Page:The Works of Lord Byron (ed. Coleridge, Prothero) - Volume 2.djvu/240

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206

CHILDE HAROLD’S PILGRIMAGE.

[CANTO II.

The best accounts of the religion and different sects of Islamism may be found in D'Ohsson's[1] French; of their manners, etc., perhaps in Thornton's English. The Ottomans, with all their defects, are not a people to be despised. Equal at least to the Spaniards, they are superior to the Portuguese. If it be difficult to pronounce what they are, we can at least say what they are not: they are not treacherous, they are not cowardly, they do not burn heretics, they are not assassins, nor has an enemy advanced to their capital. They are faithful to their sultan till he becomes unfit to govern, and devout to their God without an inquisition. Were they driven from St. Sophia to-morrow, and the French or Russians enthroned in their stead, it would become a question whether Europe would gain by the exchange. England would certainly be the loser.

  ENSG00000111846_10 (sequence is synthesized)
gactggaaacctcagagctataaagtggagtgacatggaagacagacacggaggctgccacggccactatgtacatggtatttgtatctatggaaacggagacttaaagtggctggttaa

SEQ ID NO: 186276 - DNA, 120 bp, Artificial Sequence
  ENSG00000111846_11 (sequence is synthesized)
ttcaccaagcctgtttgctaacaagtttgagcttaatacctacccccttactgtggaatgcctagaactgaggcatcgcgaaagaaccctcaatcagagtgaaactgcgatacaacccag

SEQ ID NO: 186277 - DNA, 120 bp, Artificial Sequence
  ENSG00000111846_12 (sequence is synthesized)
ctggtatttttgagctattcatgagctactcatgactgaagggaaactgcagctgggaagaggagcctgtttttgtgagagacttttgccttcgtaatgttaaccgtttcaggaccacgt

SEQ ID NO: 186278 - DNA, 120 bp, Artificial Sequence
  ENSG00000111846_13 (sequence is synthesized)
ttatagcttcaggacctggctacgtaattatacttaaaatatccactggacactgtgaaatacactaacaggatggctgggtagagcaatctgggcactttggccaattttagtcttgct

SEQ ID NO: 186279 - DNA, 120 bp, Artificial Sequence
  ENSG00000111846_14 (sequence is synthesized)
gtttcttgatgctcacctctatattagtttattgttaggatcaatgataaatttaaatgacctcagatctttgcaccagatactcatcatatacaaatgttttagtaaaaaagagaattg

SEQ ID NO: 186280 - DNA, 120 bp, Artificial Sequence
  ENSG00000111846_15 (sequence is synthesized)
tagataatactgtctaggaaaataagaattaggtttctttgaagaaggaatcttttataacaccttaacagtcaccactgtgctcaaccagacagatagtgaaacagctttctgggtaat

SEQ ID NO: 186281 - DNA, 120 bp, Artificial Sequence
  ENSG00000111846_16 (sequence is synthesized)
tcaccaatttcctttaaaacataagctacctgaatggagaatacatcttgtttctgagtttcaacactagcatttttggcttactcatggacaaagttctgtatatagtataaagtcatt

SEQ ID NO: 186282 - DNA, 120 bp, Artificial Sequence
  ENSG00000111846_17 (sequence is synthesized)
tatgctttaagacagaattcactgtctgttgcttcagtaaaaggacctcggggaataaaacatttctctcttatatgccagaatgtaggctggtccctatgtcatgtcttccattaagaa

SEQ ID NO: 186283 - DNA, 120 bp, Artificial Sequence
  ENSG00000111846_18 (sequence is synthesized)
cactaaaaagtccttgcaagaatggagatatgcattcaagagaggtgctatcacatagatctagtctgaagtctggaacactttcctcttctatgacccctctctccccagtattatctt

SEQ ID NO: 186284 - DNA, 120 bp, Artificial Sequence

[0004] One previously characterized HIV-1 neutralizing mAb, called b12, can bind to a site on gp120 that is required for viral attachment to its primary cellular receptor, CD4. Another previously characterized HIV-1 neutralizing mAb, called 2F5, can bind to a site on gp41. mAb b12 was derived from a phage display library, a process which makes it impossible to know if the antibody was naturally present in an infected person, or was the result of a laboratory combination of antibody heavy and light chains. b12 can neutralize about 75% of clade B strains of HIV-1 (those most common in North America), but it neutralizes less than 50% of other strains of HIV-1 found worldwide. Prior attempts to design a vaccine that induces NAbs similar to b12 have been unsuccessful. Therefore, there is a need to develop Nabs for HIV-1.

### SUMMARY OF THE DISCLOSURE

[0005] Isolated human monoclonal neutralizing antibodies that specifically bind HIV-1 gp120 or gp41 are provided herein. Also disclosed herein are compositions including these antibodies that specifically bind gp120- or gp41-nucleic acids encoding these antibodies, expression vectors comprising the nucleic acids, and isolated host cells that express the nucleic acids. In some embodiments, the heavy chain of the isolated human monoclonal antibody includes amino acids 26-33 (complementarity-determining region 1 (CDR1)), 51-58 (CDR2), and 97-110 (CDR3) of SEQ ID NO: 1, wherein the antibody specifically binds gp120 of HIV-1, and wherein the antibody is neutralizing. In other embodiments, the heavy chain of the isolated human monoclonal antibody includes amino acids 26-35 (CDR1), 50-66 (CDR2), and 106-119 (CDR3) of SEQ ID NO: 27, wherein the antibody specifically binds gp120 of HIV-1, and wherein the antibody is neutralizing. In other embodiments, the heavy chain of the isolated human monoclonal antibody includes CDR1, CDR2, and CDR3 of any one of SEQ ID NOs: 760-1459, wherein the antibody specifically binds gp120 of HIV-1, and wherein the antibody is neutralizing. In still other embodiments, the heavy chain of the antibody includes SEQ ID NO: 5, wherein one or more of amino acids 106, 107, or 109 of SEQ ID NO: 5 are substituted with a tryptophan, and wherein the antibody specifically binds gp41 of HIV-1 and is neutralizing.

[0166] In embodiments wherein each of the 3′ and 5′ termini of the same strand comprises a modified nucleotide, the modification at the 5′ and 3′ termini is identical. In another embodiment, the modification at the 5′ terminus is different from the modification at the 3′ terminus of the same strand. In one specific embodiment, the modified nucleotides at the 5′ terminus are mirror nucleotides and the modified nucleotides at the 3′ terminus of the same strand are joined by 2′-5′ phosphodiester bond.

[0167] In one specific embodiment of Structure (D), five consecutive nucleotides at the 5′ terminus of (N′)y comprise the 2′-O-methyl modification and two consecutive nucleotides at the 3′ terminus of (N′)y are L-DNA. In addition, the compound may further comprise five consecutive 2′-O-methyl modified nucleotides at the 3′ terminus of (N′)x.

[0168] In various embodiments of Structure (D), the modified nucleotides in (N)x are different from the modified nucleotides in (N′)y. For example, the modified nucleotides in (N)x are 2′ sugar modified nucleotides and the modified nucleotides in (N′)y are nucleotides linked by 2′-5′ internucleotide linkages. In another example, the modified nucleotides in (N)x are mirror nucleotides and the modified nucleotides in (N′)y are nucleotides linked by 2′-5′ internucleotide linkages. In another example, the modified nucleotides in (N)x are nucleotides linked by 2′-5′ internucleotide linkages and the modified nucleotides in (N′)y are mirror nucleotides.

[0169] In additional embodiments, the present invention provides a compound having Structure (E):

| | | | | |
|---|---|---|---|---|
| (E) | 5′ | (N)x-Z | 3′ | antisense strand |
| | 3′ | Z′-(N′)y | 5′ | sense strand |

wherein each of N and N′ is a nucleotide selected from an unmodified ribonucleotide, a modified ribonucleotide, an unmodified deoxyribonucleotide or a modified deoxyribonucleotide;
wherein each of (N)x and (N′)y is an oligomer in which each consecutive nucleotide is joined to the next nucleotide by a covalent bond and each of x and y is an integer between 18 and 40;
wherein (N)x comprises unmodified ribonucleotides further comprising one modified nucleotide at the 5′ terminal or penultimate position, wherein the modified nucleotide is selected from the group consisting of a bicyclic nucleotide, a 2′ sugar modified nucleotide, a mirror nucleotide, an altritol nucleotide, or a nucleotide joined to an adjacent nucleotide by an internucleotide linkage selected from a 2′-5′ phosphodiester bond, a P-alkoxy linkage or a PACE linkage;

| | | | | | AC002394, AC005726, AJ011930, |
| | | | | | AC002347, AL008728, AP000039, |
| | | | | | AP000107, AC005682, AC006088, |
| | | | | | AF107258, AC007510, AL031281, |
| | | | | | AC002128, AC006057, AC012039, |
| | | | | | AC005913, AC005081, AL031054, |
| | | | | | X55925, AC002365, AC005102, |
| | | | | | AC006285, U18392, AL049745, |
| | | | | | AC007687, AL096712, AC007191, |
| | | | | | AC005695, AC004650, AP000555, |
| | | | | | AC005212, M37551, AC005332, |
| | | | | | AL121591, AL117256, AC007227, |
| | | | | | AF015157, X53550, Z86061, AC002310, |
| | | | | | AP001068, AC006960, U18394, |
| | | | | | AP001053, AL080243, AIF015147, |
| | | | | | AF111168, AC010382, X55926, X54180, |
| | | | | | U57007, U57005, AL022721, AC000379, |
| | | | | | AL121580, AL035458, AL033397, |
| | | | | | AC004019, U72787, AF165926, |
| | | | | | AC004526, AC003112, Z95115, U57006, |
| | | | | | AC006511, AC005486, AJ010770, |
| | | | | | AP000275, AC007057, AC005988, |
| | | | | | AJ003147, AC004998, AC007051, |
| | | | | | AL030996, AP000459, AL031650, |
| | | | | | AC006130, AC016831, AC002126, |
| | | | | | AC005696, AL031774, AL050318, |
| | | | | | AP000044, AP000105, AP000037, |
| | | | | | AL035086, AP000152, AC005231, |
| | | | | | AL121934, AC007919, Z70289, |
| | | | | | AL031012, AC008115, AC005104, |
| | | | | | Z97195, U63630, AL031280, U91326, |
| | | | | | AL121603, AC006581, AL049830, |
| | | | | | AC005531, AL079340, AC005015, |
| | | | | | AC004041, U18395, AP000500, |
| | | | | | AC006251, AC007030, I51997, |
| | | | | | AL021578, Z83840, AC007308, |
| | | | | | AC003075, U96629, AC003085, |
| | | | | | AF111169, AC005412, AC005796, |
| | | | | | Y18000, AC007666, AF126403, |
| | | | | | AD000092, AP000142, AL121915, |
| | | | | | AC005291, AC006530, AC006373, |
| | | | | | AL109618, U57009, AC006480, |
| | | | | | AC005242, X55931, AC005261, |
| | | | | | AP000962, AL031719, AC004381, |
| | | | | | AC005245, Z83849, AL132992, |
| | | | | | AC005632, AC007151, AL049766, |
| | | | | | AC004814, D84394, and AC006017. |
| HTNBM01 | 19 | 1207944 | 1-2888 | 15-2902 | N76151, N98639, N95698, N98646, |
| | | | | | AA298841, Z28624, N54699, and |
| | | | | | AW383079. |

With regard to that ignorance of which they are so generally, and sometimes justly accused, it may be doubted, always excepting France and England, in what useful points of knowledge they are excelled by other nations. Is it in the common arts of life? In their manufactures? Is a Turkish sabre inferior to a Toledo? or is a Turk worse clothed or lodged, or fed and taught, than a Spaniard? Are their Pachas worse educated than a Grandee? or an Effendi[2] than a Knight of St. Jago? I think not.

I remember Mahmout, the grandson of Ali Pacha, asking whether my fellow-traveller and myself were in the upper or lower House of Parliament. Now, this question from a boy of ten years old proved that his education had not been neglected. It may be doubted if an English boy at that age knows the difference of the Divan from a College of Dervises; but I am very sure a Spaniard does not. How little Mahmout, surrounded as he had been entirely by his Turkish tutors, had learned that there was such a thing as a Parliament, it were useless to conjecture, unless we suppose that his instructors did not confine his studies to the Koran.

In all the mosques there are schools established, which

  1. [Mouradja D'Ohsson (1740-1804), an Armenian by birth, spent many years at Constantinople as Swedish envoy. He published at Paris (1787-90, two vols. fol.) his Tableau général de l'empire Othoman, a work still regarded as the chief authority on the subject.]
  2. ["Effendi," derived from the Greek αὐθέντης, through the Romaic ἀφέντης, an "absolute master," is a title borne by distinguished civilians.

    The Spanish order of St. James of Compostella was founded circ. A.D. 1170.]